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Paraneoplastic Syndromes and Lung Cancer

Posted on December 23, 2021
Medically reviewed by
Todd Gersten, M.D.
Article written by
Brooke Dulka, Ph.D.

Paraneoplastic syndromes are rare diseases that people may develop as a side effect of cancerous tumors (neoplasms). Paraneoplastic syndromes can occur with many cancers, including lung cancer.

Understanding the connection between paraneoplastic syndromes and lung cancer is important because having a paraneoplastic syndrome can worsen the prognosis (outlook) of the underlying cancer, particularly if the paraneoplastic syndrome is ignored or untreated.

What Are Paraneoplastic Syndromes?

Generally, paraneoplastic syndromes are diseases that are caused by abnormal immune system responses to neoplasms. These syndromes develop as a result of tumor-related antibodies that cause the immune system to panic. Essentially, because of the tumor, the body begins to attack healthy cells.

Although the causes of paraneoplastic syndromes are similar, the syndromes can cause many types of diseases depending on the parts of the body that are affected. This can include the nervous system (brain, spinal cord, and nerves), endocrine system (hormone system), skin, blood, and joints. People with cancer often experience fever, night sweats, loss of appetite, and weight loss from paraneoplastic syndromes.

Symptoms of Paraneoplastic Syndromes

There are many symptoms of paraneoplastic syndromes. These symptoms can range in severity and can include:

  • Fever
  • Night sweats
  • Weight loss
  • Loss of appetite
  • High blood pressure
  • Dizziness
  • Difficulty with speech
  • Weakness
  • Weight gain
  • Double vision
  • Loss of coordination or sensation
  • Slower reflexes
  • Discoloration of the skin
  • Noncancerous (benign) skin growths
  • Itching
  • Neuropathy (damage to nerves)

How Prevalent Are Paraneoplastic Syndromes?

Paraneoplastic syndromes are thought to develop in about 20 percent of people who have cancer. Middle-aged people who have lung, ovarian, breast, or lymphatic cancer are considered to be most at risk for paraneoplastic syndromes.

However, prevalence rates for individual paraneoplastic syndrome types can be much lower. The number of people with each paraneoplastic syndrome is very small. As a result, there is little scientific research available on prevalence rates for each syndrome. In fact, most of the data that is available typically comes from small studies of just one person with the disease.

Paraneoplastic Syndromes in Lung Cancer

Paraneoplastic syndromes may be most common in lung cancer compared to other types of cancer. Paraneoplastic syndromes have been estimated to affect 10 percent of people with lung cancer.

Researchers have discovered a long list of paraneoplastic syndromes that have occurred in people with lung cancer. Some types of these syndromes include:

  • Hormonal syndromes — Dealing with the endocrine (or hormone) system
  • Neurological syndromes — Dealing with the brain, spinal cord, and nerves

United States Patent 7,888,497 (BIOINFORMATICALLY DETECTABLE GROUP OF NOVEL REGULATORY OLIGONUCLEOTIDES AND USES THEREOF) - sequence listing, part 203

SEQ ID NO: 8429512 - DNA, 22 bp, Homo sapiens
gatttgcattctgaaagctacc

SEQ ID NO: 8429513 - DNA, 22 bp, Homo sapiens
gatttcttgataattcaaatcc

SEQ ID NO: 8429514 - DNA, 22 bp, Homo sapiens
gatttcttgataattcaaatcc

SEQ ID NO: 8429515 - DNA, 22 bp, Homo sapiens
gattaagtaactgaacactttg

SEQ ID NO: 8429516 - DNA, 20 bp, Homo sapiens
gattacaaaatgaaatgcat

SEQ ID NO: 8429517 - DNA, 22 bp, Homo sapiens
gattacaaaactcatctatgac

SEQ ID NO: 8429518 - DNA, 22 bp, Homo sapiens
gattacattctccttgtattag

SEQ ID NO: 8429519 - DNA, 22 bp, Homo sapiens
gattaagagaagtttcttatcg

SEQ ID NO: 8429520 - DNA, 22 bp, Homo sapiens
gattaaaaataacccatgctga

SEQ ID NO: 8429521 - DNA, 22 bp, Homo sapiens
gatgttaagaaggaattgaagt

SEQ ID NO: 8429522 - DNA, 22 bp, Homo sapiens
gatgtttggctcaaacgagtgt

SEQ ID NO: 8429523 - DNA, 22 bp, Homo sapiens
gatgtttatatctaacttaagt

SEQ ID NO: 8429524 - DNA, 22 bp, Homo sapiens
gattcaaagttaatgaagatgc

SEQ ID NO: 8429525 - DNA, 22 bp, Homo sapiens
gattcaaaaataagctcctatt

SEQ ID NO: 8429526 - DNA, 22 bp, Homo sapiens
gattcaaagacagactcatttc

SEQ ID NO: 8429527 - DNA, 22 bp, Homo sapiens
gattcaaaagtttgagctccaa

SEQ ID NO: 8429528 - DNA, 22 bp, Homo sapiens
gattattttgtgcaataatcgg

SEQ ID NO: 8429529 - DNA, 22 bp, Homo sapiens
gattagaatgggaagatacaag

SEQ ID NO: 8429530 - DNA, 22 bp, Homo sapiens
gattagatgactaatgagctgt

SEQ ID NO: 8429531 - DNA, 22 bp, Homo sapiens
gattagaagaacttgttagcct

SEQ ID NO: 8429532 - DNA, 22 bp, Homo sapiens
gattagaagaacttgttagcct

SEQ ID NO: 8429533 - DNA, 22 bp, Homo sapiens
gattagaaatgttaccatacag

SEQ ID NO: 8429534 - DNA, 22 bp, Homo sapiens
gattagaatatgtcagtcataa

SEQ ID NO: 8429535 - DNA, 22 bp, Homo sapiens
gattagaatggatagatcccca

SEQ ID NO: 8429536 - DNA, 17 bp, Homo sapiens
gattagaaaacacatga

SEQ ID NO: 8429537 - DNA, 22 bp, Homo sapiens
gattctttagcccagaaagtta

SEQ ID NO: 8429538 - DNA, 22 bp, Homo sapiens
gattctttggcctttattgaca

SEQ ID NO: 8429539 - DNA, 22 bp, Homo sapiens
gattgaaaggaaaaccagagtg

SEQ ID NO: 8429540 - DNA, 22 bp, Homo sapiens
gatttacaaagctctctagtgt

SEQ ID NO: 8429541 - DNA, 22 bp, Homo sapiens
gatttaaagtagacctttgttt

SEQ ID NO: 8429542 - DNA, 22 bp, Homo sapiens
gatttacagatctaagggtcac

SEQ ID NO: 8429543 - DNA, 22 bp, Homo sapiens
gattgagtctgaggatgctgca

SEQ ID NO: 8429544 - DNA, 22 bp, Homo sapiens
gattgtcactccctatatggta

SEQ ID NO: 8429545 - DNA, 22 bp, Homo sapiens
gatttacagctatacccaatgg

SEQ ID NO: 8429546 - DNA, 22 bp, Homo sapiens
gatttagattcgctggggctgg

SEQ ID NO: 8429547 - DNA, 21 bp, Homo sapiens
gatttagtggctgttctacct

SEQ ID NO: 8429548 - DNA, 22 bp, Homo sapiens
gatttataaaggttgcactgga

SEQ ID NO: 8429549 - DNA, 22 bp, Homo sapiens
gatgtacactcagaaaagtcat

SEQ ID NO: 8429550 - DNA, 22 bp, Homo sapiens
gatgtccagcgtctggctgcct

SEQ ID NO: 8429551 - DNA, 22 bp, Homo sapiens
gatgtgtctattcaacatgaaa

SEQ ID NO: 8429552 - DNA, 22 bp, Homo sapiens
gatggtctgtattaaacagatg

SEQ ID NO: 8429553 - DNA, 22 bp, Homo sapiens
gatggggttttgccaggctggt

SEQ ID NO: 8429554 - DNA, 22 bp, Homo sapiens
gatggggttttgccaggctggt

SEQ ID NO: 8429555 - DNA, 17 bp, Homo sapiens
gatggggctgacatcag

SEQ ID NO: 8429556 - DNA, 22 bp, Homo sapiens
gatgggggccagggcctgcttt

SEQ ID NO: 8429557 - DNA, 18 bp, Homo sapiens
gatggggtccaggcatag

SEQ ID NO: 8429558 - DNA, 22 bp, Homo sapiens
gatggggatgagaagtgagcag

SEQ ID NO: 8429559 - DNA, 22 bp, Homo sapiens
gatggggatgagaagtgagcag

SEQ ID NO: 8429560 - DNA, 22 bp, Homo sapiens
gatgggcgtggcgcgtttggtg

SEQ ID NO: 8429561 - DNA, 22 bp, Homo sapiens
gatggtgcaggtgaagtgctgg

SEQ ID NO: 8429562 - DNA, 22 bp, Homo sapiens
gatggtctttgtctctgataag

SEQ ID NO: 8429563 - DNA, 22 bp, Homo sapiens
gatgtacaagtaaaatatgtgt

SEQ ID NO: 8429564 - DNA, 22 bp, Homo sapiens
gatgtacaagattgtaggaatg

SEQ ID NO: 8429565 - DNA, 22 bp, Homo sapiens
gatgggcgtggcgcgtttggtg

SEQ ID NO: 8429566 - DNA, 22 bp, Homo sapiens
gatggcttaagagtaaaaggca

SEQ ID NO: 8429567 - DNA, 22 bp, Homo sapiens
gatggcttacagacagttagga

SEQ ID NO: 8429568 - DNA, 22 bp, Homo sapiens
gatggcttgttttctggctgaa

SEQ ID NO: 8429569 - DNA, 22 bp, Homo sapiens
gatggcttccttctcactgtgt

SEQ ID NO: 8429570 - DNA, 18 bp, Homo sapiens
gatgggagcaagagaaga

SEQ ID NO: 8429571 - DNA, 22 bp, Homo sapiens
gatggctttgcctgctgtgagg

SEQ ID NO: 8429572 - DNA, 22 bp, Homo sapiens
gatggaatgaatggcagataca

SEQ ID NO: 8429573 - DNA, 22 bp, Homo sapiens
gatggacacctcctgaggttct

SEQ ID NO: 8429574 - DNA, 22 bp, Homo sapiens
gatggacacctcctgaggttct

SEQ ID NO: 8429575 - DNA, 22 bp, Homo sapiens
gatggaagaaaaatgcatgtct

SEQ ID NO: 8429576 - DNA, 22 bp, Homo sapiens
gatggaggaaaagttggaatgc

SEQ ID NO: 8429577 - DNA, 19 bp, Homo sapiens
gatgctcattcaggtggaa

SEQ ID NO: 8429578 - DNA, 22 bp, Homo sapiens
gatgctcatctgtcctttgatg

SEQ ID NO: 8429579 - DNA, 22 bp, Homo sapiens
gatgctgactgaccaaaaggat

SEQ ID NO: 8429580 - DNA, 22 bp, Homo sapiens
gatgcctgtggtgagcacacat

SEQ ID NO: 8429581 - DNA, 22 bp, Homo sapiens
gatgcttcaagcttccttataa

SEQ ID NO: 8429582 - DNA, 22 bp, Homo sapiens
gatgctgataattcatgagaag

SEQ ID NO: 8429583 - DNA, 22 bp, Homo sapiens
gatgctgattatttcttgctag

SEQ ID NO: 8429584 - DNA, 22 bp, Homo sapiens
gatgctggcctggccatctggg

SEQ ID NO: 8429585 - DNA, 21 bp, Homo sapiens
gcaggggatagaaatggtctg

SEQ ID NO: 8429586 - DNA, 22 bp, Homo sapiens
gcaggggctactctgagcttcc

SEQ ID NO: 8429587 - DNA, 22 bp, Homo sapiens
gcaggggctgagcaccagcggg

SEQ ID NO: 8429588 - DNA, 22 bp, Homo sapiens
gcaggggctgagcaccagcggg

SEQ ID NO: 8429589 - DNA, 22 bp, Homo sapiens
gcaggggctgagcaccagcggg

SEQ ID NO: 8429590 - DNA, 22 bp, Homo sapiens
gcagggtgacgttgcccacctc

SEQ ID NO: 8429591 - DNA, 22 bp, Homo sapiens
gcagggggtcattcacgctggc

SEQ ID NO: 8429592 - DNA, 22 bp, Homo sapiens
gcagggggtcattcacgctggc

• Dermatological syndromes — Dealing with the skin
  • Rheumatological syndromes — Dealing with joints
  • Hematological syndromes — Dealing with blood
  • Ophthalmological syndromes — Dealing with the visual system

Paraneoplastic Hormonal Syndromes

The two most common paraneoplastic syndromes associated with lung cancer affect the endocrine (hormone) system.

Humoral hypercalcemia of malignancy (HHM) in squamous cell carcinoma is caused by too much of a hormone called parathyroid hormone-related peptide. Mild cases of HHM can cause no symptoms, but HHM can also cause symptoms across the body, including increased thirst and urination, nausea, muscle weakness, bone pain, and abnormal heart rhythms.

Syndrome of inappropriate antidiuretic hormone secretion (SIADH) in small cell lung cancer is a disease in which the body makes too much antidiuretic hormone, which makes the body retain water. This can lead to symptoms like nausea, dizziness, fatigue, and problems with memory and cognition.

Other paraneoplastic syndromes of the endocrine system associated with lung cancer include:

  • Ectopic Cushing’s syndrome — High levels of glucocorticoid hormones, leading to headache, weakness, and body changes such as a prominent stomach with thin arms and legs
  • Hypoglycemia — Low blood sugar (or glucose), causing a fast heartbeat, anxiety, sweating, and hunger
  • Acromegaly — Too much growth hormone, causing enlarged hands and feet, joint and muscle weakness, and facial changes

Paraneoplastic Neurological Syndromes

Three percent to 5 percent of people with small cell lung cancer develop at least one paraneoplastic neurological syndrome. Paraneoplastic neurological syndromes associated with lung cancer include:

  • Encephalomyelitis — Inflammation of the brain and/or spinal cord, causing seizures, sensitivity to light and sound, fever, and neck stiffness
  • Limbic encephalitis — Inflammation of brain’s limbic system (amygdala and hippocampus), with symptoms such as personality changes, irritability, depression, seizures, memory loss, confusion, and dementia
  • Cerebellar degeneration — Deterioration of a brain region known as the cerebellum, affecting muscle control, speech, and balance
  • Lambert-Eaton myasthenic syndrome (LEMS) — Damage to nerve cells, leading to muscle weakness, depressed tendon reflexes, and autonomic changes
  • Chronic gastrointestinal pseudo-obstruction — Nervous system problems that cause the gut to not propel food forward without any physical obstructions
  • Polymyositis or dermatomyositis — Inflammation of the body’s connective tissues (tendons and ligaments), most commonly associated with small cell lung cancer and squamous cell carcinoma
  • Opsoclonus-myoclonus — Dysfunction of the nervous system, affecting eye and muscle movements